Merging Previous and Current OMERS Service

Now that you have returned to work for an OMERS employer, you must decide whether to merge the service you earned before with what you're earning now. Merging your previous and current service may or may not help you to retire with more pension – it's an important decision. 

In this information page, we cover some of the issues you should consider before making your decision to merge your service or not, and we tell you what to do if you want to proceed. 

Some background facts…

Your OMERS lifetime pension + bridge benefit to age 65

2 % x  credited service (years)   x " “best five” earnings" earnings
Less OMERS bridge benefit at age 65
0.675% x credited service (years)   x lesser of " “best five” earnings" earnings or $56,440

Equals your OMERS lifetime pension from age 65

$56,440 – the current five-year average (2016-2020) of the Canada Pension Plan’s (CPP) annual earnings limit. You contribute to the CPP up to its earnings limit ($58,700 in 2020).

Things to consider before you decide

Will your present earnings grow more than inflation?

Your deferred pension may grow to match inflation increases every year. If your present earnings are growing enough:

  • to equal or better than guaranteed inflation protection, and
  • to make up for the higher bridge benefit when you retire,

it may be better to merge your previous and current service, and to have these earnings apply to both.

How long do you intend to work?

If you merge your service, and then work for less than 60 months (this time), we'd have to use some of your earlier earnings to make up the difference when we calculate your overall pension. If your earnings now are higher, this could reduce the pension you're earning now and increase the pension you earned before. The net result for you could vary.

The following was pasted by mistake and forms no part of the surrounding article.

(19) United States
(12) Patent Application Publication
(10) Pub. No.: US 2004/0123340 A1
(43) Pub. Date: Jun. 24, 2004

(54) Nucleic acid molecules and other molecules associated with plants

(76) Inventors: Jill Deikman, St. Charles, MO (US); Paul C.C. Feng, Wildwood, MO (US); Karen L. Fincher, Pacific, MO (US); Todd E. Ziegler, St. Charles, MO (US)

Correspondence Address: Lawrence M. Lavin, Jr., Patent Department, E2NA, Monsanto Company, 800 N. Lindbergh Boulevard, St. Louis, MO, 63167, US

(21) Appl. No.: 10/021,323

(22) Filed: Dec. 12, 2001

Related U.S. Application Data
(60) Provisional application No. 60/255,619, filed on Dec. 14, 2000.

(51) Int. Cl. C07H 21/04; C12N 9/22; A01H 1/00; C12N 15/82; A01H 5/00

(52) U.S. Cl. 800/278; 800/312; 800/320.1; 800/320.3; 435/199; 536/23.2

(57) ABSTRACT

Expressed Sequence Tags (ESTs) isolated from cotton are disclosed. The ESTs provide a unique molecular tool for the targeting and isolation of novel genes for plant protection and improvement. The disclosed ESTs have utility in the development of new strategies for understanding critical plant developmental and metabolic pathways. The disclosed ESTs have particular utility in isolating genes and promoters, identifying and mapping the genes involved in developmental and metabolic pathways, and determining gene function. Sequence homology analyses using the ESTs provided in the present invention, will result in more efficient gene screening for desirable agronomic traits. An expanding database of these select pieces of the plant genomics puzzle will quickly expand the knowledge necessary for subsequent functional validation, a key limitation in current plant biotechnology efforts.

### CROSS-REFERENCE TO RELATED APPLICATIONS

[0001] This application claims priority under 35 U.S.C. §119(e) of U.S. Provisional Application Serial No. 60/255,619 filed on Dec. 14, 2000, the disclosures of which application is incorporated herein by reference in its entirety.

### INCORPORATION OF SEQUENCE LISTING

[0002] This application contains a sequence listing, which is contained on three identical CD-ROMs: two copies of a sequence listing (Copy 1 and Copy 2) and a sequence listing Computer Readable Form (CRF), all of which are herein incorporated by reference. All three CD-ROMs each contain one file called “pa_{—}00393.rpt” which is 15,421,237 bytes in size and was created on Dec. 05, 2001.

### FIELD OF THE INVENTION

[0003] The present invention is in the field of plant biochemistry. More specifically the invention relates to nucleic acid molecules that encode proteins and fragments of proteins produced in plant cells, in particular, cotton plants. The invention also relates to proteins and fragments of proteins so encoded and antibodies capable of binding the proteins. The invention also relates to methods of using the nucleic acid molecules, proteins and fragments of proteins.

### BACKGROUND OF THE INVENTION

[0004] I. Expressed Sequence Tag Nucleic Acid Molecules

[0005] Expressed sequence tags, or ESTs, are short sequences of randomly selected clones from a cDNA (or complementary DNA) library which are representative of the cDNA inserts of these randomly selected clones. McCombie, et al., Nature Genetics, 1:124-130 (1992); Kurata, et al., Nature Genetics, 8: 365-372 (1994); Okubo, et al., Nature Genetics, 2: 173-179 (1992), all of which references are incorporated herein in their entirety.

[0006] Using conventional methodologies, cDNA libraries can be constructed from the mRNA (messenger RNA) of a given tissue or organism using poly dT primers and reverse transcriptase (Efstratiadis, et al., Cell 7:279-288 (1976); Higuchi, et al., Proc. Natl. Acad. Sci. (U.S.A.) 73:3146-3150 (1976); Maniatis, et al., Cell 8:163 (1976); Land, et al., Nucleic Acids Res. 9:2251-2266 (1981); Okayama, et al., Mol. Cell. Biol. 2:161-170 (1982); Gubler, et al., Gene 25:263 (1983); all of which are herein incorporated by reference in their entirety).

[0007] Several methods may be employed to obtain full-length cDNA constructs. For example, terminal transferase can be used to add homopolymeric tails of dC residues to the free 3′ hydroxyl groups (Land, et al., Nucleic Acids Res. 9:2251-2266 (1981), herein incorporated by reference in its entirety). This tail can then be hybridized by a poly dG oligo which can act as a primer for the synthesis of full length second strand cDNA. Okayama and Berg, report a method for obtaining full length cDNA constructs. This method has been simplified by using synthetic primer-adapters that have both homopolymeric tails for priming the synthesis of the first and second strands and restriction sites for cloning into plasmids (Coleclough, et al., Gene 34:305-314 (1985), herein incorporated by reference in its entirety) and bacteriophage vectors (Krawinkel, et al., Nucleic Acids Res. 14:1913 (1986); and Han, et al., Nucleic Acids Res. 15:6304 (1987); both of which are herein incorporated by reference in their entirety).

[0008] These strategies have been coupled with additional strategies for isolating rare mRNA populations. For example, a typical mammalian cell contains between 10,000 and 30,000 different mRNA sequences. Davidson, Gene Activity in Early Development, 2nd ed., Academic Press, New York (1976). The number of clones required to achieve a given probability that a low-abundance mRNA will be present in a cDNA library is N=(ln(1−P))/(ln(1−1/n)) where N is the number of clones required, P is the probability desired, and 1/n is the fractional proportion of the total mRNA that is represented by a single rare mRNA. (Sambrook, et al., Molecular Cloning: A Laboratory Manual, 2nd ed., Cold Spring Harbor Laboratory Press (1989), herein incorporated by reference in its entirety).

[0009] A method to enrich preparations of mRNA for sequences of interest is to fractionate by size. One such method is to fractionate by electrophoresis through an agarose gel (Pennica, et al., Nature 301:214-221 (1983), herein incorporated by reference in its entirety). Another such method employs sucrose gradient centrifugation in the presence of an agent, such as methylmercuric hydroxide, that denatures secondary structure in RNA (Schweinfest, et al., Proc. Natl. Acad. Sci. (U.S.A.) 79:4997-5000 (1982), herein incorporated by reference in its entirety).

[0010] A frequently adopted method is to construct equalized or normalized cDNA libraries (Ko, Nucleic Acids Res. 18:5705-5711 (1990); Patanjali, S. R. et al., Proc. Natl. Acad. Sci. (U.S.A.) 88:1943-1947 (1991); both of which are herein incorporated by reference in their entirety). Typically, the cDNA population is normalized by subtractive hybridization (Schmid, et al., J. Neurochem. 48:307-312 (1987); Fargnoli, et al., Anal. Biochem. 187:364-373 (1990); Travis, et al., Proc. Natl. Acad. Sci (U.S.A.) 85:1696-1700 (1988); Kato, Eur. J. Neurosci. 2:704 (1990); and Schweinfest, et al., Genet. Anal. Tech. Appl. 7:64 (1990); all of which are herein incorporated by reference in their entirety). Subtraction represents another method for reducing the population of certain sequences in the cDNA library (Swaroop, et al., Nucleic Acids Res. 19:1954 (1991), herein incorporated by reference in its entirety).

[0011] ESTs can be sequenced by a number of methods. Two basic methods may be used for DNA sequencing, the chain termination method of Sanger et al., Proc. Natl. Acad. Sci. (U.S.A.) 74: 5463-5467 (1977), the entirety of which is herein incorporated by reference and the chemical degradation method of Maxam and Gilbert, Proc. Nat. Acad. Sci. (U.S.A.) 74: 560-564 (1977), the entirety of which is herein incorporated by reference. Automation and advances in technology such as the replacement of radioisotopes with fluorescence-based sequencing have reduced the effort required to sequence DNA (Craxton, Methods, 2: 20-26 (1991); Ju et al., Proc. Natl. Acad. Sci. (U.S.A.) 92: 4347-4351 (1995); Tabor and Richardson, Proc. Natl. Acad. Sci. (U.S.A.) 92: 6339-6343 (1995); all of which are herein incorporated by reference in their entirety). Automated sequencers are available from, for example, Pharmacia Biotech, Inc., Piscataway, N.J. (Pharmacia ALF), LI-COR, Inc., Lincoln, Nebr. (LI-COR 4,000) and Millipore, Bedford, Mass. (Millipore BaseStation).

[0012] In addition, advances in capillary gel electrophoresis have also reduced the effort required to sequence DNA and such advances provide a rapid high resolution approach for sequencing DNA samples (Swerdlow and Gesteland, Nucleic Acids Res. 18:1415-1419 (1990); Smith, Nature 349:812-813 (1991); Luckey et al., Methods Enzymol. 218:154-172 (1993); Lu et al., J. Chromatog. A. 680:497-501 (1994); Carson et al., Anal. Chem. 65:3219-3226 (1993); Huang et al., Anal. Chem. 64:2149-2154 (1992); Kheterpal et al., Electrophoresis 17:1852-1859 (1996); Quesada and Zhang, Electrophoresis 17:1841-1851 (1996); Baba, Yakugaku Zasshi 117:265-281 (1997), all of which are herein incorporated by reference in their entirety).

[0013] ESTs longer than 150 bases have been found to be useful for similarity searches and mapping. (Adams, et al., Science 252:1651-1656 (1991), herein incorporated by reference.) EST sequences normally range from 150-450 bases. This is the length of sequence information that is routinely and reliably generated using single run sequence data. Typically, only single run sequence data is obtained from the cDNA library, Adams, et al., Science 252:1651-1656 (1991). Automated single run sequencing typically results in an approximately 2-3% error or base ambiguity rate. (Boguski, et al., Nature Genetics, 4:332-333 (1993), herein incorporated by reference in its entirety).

Is it worth paying back your 50% Rule refund?

When you left your previous employer and elected to leave (defer) your pension in OMERS, you were entitled to a refund of any excess contributions you made. If you want to merge your earlier and current service – to combine your OMERS pensions – you must pay back your 50% Rule refund (if any), with interest. Will the amount you pay back to merge your service be offset by an increase to your overall pension? It depends on your personal circumstances and the factors we've discussed, above.

If you decide to merge your service

You can repay your 50% Rule refund in one of two ways:

1. Transfer of RRSP funds (not tax-deductible)

If you want to repay your 50% Rule refund using RRSP funds, ask the financial institution that holds your RRSP for a Form T2033. Complete the sections you are instructed to and return the T2033 along with your 50% Rule repayment form to your employer. 

The transfer of RRSP funds must be in the exact amount required to repay your 50% Rule refund. (We can't accept any overpayment.)
Note: The amount you transfer from your RRSP is not tax-deductible, since it's going straight into OMERS (from one tax-sheltered plan to another).

2. Cash (tax-deductible)

If you use cash, the entire amount you pay is tax-deductible. However, there are different rules for repaying the portion of the 50% Rule refund that relates to service from 1987-1989. 

You make your cheque payable to OMERS. OMERS will provide you with an income tax receipt, which you must file with your income tax return to get the deduction.

You decide not to merge your service…

If you don't merge your service, each period will be kept separate and will be based on an average of your highest earnings during each period. Your earnings from the earlier period may not be as high, and your combined pension may be less than if it were merged. You keep your 50% Rule refund.